The Illinois legislature has put an end to the practice of isolating children in “quiet rooms” and the usage of prone physical restraint.
State Rep. Jonathan Carroll, D- Northbrook, said the practice traumatizes children.
“When you take a child who is on the autism spectrum, and that child is having some sort of an episode, you don’t lock that child in a room by themself. That is what we do to our worst criminals,” Carroll said.
In 2019, after reading a joint investigative report by ProPublica and the Chicago Tribune, Carroll became determined to put an end to the practice in Illinois schools. Solitary time-outs are used too readily as a discipline measure, Carroll said.
The authors of the Tribune-ProPublica articles reported on instances where children as young as five were left alone in small rooms for hours at a time.
“We are failing these children,” Carroll said. “There are different pathways that we can go with these kids.”
After 18 months of work, House Bill 219, received bipartisan support and passed unanimously out of the House on May 30. Gov. J.B. Pritzker told Carroll that he intends to sign the legislation when it gets to his desk. The goal of the law is to eliminate solitary time out and prone restraint within three years.
Wednesday, June 16, 2021
Monday, June 14, 2021
At least six states — Arkansas, Florida, Montana, Oklahoma, Tennessee and Utah — have enacted legislation to limit Covid shot mandates, giving vaccine opponents some of their most prominent victories in recent memory. At least 11 states have banned the use of vaccine passports, according to the National Council of State Legislatures, and another 31 states at minimum are considering similar legislation.
The wave of opposition to Covid-19 shots, and efforts to curb public-health authorities more generally, have alarmed health experts. They say the new legislation will make it harder to quell the pandemic and prevent future outbreaks of Covid-19 and other illnesses. Many families now emerging from isolation have delayed routine immunizations during the pandemic, and two dozen states have dispensed Covid-19 shots to fewer than 50 percent of eligible residents.
- There's a huge political divide. Speaking over the weekend, former President Donald Trump took credit for the vaccine rollout and told a North Carolina crowd of supporters that "most of you" have likely been vaccinated.
- But surveys have shown Trump supporters are the least likely to say they have been vaccinated or plan to be. Remember, Trump got vaccinated before leaving the White House, but that was reported months later. Unlike other public officials who were trying to encourage people to get the shot, Trump did it in private.
- The top 22 states (including D.C.) with the highest adult vaccination rates all went to Joe Biden in the 2020 presidential election.
- Some of the least vaccinated states are the most pro-Trump. Trump won 17 of the 18 states with the lowest adult vaccination rates. Many of these states have high proportions of whites without college degrees.
But it's not just about politics:
- Black Americans, who vote overwhelmingly Democratic, aren't getting the vaccine at the rate of whites. Less than a quarter of Black Americans had gotten at lease one vaccine dose as of Tuesday, according to the CDC. It's the lowest of any racial or ethnic group listed.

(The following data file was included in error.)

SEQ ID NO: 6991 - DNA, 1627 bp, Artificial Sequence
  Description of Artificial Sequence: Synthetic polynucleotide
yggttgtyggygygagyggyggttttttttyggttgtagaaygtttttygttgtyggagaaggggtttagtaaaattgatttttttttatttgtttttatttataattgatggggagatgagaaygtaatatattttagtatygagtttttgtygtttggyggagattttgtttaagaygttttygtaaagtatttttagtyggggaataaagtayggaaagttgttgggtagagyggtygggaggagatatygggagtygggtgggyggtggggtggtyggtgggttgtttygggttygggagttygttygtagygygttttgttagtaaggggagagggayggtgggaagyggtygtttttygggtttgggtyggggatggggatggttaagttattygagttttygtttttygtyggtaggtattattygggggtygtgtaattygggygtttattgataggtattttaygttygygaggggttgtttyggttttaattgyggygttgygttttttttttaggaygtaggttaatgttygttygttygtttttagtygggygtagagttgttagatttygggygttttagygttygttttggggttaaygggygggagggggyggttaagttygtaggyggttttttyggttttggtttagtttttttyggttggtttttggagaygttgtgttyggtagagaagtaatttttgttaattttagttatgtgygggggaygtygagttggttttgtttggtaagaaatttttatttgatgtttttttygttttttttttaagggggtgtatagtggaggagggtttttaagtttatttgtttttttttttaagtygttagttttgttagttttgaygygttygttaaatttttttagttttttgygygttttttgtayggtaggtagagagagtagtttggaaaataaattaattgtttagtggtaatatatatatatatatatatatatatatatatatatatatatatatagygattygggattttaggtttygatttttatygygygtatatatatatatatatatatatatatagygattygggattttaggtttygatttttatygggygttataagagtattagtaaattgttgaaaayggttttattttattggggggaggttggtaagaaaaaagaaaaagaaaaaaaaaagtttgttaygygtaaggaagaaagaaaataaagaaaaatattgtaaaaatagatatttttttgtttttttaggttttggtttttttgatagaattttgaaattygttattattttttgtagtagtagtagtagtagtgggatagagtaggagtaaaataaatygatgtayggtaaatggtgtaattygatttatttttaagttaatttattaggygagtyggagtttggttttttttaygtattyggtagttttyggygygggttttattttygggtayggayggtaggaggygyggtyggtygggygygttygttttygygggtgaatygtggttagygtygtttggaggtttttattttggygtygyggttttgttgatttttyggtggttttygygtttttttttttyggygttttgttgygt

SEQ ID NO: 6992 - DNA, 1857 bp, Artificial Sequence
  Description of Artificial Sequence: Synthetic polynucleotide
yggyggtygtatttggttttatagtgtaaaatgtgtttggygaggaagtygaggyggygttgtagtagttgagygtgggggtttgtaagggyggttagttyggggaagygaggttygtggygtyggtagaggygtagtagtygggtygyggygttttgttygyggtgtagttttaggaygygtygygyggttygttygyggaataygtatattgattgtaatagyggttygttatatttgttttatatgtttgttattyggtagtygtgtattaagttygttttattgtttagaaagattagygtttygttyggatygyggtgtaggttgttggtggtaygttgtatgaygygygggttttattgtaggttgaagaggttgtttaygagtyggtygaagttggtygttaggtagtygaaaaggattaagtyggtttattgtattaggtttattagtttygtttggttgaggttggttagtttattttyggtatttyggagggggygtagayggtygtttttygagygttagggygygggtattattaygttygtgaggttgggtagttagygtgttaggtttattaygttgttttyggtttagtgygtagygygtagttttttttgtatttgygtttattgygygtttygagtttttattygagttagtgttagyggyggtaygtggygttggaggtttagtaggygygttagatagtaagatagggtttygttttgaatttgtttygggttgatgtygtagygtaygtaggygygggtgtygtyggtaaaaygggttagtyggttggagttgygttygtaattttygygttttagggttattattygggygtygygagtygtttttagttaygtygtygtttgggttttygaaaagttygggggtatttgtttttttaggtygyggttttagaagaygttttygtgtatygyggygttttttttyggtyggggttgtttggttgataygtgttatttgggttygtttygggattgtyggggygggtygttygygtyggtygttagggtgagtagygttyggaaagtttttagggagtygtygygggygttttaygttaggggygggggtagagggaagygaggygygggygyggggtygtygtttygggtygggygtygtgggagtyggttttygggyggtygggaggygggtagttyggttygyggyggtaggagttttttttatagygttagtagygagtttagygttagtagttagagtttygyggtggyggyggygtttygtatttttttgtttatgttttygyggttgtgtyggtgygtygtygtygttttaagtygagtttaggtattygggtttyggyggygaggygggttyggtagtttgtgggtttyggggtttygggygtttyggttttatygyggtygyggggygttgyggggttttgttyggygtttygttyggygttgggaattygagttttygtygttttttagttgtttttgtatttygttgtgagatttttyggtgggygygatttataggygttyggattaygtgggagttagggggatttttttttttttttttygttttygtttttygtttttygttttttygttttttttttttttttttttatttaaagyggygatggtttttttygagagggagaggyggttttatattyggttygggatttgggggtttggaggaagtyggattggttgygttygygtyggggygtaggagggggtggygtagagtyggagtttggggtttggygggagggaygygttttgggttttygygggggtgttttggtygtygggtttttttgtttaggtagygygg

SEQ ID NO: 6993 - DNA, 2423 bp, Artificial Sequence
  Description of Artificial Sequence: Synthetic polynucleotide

- Black Americans also make up a significant percentage of the population in places like Alabama, Mississippi, Louisiana, Tennessee, Arkansas, South Carolina and Georgia. Those are seven of the 10 states with the lowest adult vaccination rates, though the gathering of data by race and ethnicity has been spotty depending on the state.
- Young people, who also lean heavily toward Democrats, are also less likely to get vaccinated. More than 80% of people over 65 have gotten at least one shot, compared with just 45% of 18- to 24-year-olds and 51% of those 25 to 39.
- And it's not necessarily about hesitancy. The May NPR/PBS NewsHour/Marist poll found 75% of Black adults said they had gotten a shot or would get it when one came available. That was about the same as white adults, but Black adults trailed whites when it came to those who said they'd actually received one.
Sunday, June 13, 2021
A major theme of this book is that just about everything concerning autism is subject to argument. There is not even any consensus on what one should call people who have autism and other disabilities. “In the autism community, many self-advocates and their allies prefer terms such as `Autistic,’ `Autistic person,’ or `Autistic individual’ because we understand autism as an inherent part of an individual’s identity,” writes blogger Lydia Brown.[i] Other writers prefer “people-first” language (e.g., “persons with autism”) since it puts the persons ahead of the disability and describes what they have, not who they are.[ii] For the sake of stylistic variety, this book uses both kinds of language, even though this approach will satisfy neither side. I can only say that I mean no offense.
In our daily lives, we may encounter phrases like "I am disabled" or "My child has special needs." And to someone who is not part of the community, this wording may seem synonymous. But it's not.
Most experts and advocates vehemently oppose the term "special needs," and believe we need to eliminate it from our vernacular. Furthermore, they say avoiding the term "disabled" only leads to stigmatization.
For some, the term "special needs" feels offensive.